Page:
DECLINE WORRIES THRIFT SHOPS; RESEDA MERCHANTS FEAR IMPROVEMENT DISTRICT WON'T HELP.Byline: Enrique Rivero Daily News Staff Writer
Business has been tough of late for some thrift shops thrift shop
A shop that sells used articles, especially clothing, as to benefit a charitable organization. at Reseda Boulevard and Sherman Way, and the people who run them are worried they may go out of business before planned improvements to the area are complete.
Some merchants and customers say they've seen a steady erosion in foot traffic along the otherwise busy intersection since the 1994 Northridge Earthquake The Northridge earthquake occurred on January 17, 1994 at 4:31 AM Pacific Standard Time in the city of Los Angeles, California. The earthquake had a "strong" moment magnitude of 6. that devastated dev·as·tate
tr.v. dev·as·tat·ed, dev·as·tat·ing, dev·as·tates
1. To lay waste; destroy.
2. To overwhelm; confound; stun: was devastated by the rude remark. much of the San Fernando Valley San Fernando Valley
Valley, southern California, U.S. Northwest of central Los Angeles, the valley is bounded by the San Gabriel, Santa Susana, and Santa Monica mountains and the Simi Hills. . Other merchants say that business is not that bad but still believe that things could be much better for such a busy area.
Though city and local chamber of commerce officials say there are plenty of projects in place to improve the region, some thrift shop merchants are meeting informally Monday morning to see if they can do more to bring in business.
Meeting organizer Nancy Reisner, manager of Aunt Fannie's Attic - a thrift shop at 7131 Reseda Blvd. run by the nonprofit National Asthma Center - said that business had dropped by about 50 percent in the years since the quake.
She thinks the booming economy is partly to blame for the decline of business at her store, which has been in the neighborhood more than 20 years and moved from directly across the street to its present location about 18 months ago.
More people are working, and the neighborhood mothers who used to stop by after dropping their children off at school in the morning now go straight to work instead. Also, people have more money to burn at the big shopping centers and more expensive retailers, she said.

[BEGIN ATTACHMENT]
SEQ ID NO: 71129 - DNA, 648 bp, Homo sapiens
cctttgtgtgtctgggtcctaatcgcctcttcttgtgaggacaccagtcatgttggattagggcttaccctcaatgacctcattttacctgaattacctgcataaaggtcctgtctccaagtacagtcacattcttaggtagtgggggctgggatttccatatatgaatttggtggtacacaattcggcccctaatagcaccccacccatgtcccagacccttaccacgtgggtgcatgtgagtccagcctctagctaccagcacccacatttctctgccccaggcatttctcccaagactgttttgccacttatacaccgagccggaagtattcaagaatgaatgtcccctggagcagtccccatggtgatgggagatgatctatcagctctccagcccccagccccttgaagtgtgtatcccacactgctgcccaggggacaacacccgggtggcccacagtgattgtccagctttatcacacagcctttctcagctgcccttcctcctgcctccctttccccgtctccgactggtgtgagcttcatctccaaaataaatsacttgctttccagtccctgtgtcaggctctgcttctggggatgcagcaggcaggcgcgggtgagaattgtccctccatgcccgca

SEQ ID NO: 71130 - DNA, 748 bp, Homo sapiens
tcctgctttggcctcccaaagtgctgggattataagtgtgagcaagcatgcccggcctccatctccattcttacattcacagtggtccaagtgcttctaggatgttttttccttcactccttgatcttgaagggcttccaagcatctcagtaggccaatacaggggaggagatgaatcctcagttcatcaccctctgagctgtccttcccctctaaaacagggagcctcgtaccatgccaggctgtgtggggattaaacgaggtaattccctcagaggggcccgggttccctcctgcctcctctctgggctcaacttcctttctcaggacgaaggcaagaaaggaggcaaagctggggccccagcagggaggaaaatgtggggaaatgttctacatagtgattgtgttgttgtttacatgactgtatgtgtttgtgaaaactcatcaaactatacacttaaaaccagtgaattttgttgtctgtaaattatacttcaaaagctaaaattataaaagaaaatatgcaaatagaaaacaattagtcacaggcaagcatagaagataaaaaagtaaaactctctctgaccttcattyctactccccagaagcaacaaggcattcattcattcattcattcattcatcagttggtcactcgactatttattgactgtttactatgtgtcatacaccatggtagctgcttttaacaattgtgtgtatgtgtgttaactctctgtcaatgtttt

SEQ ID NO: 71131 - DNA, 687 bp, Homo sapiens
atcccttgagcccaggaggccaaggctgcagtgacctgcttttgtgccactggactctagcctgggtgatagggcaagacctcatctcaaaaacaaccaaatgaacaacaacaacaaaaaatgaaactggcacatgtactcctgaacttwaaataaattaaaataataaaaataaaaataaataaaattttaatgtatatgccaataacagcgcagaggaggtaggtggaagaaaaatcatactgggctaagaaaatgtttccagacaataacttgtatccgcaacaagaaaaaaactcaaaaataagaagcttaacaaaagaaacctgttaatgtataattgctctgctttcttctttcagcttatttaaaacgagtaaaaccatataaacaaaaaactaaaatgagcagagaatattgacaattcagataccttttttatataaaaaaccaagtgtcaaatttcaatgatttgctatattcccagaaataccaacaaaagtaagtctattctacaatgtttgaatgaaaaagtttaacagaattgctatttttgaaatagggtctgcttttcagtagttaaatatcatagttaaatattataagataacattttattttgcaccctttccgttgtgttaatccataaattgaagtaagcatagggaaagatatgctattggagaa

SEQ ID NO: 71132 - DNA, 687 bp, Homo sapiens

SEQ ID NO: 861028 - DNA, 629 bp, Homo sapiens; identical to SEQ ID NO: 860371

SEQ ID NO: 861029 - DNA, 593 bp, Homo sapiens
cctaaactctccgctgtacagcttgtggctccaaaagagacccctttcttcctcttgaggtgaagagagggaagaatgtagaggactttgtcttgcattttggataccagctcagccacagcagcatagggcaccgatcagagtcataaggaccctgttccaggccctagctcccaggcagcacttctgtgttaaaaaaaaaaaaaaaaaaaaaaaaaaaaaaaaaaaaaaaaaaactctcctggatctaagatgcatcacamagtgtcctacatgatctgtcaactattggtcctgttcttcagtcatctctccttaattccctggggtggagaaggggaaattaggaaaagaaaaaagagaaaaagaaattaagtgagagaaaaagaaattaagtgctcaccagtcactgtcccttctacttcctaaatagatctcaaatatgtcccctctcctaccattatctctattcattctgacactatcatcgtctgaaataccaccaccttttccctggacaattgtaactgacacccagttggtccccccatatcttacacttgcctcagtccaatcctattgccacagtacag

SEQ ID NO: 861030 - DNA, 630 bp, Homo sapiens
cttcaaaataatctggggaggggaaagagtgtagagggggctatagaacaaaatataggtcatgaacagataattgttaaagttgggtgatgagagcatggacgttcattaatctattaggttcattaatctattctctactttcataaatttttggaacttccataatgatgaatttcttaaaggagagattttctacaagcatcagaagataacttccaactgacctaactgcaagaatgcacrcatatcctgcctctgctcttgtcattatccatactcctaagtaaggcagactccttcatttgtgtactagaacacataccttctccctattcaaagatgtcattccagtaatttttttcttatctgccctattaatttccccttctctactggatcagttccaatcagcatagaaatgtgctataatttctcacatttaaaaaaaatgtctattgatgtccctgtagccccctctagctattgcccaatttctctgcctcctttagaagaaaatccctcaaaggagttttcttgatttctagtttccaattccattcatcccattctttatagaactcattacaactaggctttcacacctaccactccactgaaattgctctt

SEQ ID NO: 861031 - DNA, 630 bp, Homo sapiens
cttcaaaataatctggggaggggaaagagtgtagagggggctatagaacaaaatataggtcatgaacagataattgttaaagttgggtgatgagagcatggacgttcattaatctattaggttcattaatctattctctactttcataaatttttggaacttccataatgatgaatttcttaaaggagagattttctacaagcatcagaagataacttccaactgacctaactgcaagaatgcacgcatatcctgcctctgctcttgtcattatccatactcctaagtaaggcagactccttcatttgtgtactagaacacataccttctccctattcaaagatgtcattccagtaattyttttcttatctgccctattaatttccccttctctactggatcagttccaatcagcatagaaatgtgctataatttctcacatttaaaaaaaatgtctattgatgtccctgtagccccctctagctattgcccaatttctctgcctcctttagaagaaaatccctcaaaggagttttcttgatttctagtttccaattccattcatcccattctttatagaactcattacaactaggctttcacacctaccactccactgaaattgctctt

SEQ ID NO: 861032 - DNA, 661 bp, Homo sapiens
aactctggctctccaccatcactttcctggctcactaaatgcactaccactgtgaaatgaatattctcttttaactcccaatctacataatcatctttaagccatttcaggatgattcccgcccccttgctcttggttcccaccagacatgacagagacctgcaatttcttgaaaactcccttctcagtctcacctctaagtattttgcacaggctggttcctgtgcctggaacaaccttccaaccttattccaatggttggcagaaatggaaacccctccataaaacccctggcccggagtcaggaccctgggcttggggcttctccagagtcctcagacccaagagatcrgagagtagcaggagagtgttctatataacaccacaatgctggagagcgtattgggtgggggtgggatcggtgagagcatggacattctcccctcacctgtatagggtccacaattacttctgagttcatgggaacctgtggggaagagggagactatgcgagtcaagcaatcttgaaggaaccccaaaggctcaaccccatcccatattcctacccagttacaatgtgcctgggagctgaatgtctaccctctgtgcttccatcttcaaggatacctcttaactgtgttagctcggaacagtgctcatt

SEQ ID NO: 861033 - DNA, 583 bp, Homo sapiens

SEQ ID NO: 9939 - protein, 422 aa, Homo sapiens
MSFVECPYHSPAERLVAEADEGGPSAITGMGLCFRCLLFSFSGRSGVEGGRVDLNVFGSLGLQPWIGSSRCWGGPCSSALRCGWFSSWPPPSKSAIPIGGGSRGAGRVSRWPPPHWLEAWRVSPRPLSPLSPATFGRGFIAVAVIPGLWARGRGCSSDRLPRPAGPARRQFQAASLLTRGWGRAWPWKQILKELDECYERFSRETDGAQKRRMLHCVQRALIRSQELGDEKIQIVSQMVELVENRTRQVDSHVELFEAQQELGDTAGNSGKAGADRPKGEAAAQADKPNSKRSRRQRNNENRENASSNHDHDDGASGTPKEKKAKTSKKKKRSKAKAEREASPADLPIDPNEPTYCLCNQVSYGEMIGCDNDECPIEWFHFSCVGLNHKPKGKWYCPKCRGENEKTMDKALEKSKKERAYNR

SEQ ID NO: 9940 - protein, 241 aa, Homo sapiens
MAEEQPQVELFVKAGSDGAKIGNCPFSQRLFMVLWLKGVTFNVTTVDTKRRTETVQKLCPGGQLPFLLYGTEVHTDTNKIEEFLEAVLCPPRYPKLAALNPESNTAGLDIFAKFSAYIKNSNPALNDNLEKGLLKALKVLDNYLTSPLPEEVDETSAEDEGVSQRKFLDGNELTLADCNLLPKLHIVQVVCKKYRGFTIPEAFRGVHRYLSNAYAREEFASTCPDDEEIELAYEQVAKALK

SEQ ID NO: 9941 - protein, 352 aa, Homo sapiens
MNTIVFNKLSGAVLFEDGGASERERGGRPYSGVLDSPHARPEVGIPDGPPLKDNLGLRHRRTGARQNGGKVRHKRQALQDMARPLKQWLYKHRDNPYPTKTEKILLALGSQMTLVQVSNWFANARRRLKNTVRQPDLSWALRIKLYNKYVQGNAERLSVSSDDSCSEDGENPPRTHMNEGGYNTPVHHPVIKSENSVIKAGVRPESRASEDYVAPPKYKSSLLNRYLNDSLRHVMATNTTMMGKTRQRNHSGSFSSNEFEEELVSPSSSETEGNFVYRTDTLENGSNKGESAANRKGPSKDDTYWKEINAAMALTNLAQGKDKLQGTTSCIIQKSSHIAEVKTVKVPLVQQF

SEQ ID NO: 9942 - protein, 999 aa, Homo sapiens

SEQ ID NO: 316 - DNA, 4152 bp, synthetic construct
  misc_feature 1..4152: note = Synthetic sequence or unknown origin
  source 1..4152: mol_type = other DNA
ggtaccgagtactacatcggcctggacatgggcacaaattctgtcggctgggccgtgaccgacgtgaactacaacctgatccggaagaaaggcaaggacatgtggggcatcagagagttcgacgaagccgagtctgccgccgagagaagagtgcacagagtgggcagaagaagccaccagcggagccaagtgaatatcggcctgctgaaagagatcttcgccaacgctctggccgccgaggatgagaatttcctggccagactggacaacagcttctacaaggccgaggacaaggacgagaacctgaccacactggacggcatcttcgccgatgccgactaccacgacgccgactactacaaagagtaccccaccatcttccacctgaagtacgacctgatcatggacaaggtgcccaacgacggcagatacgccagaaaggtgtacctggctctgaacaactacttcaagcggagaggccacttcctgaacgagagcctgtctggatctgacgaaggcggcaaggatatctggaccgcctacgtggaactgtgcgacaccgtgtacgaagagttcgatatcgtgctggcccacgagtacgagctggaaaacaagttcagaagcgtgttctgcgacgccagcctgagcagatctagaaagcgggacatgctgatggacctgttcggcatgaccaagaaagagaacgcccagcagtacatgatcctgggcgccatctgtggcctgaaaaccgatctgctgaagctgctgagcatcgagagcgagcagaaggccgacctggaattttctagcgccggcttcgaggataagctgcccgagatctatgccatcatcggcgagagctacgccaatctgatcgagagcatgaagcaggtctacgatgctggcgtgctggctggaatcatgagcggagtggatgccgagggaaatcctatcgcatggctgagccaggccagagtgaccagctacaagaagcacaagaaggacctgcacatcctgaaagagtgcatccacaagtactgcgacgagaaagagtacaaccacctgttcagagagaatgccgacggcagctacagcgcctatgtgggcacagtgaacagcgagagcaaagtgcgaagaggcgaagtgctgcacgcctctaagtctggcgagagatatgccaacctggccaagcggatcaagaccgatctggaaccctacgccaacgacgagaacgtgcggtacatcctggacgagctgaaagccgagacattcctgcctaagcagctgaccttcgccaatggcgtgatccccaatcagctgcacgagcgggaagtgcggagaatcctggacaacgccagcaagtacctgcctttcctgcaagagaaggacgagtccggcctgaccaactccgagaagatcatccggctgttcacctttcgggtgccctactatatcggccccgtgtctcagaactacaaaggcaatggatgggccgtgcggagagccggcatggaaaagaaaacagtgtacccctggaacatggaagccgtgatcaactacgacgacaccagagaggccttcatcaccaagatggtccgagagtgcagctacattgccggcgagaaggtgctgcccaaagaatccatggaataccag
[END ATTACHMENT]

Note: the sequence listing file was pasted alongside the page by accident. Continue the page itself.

``I'd like to try to get feedback on why we think there's a decline in business and what, if anything, we can do to improve business - or if this is just a sign that it's not going to happen,'' Reisner said.
And she thinks that the recently approved Reseda Business Improvement District won't help because it's mostly about improving the area's physical appearance - a criticism that local officials dispute.
``I don't think it's going to do anything to create more business in the neighborhood,'' Reisner said.
Reisner's store isn't the only one suffering. The Council Thrift Shops outlet at 18511 Sherman Way is the weakest of the six stores operated by the Los Angeles-based National Council of Jewish Women The National Council of Jewish Women (NCJW) is an American Jewish volunteer organization founded in 1893, with 90,000 members, supporters and volunteers. Inspired by Jewish values, NCJW works to improve the quality of life for women, children, and families, and to ensure individual , said Renee Hilton, director of thrift shops and special sales for the organization.
``We're part of the neighborhood, and we want to be part of the improvement of the neighborhood,'' Hilton said. ``I don't know Don't know (DK, DKed)
"Don't know the trade." A Street expression used whenever one party lacks knowledge of a trade or receives conflicting instructions from the other party. about our future there, either. I certainly would like to be part of any effort to improve the area and the neighborhood.''
Jane Merkin mer·kin
A pubic wig for women.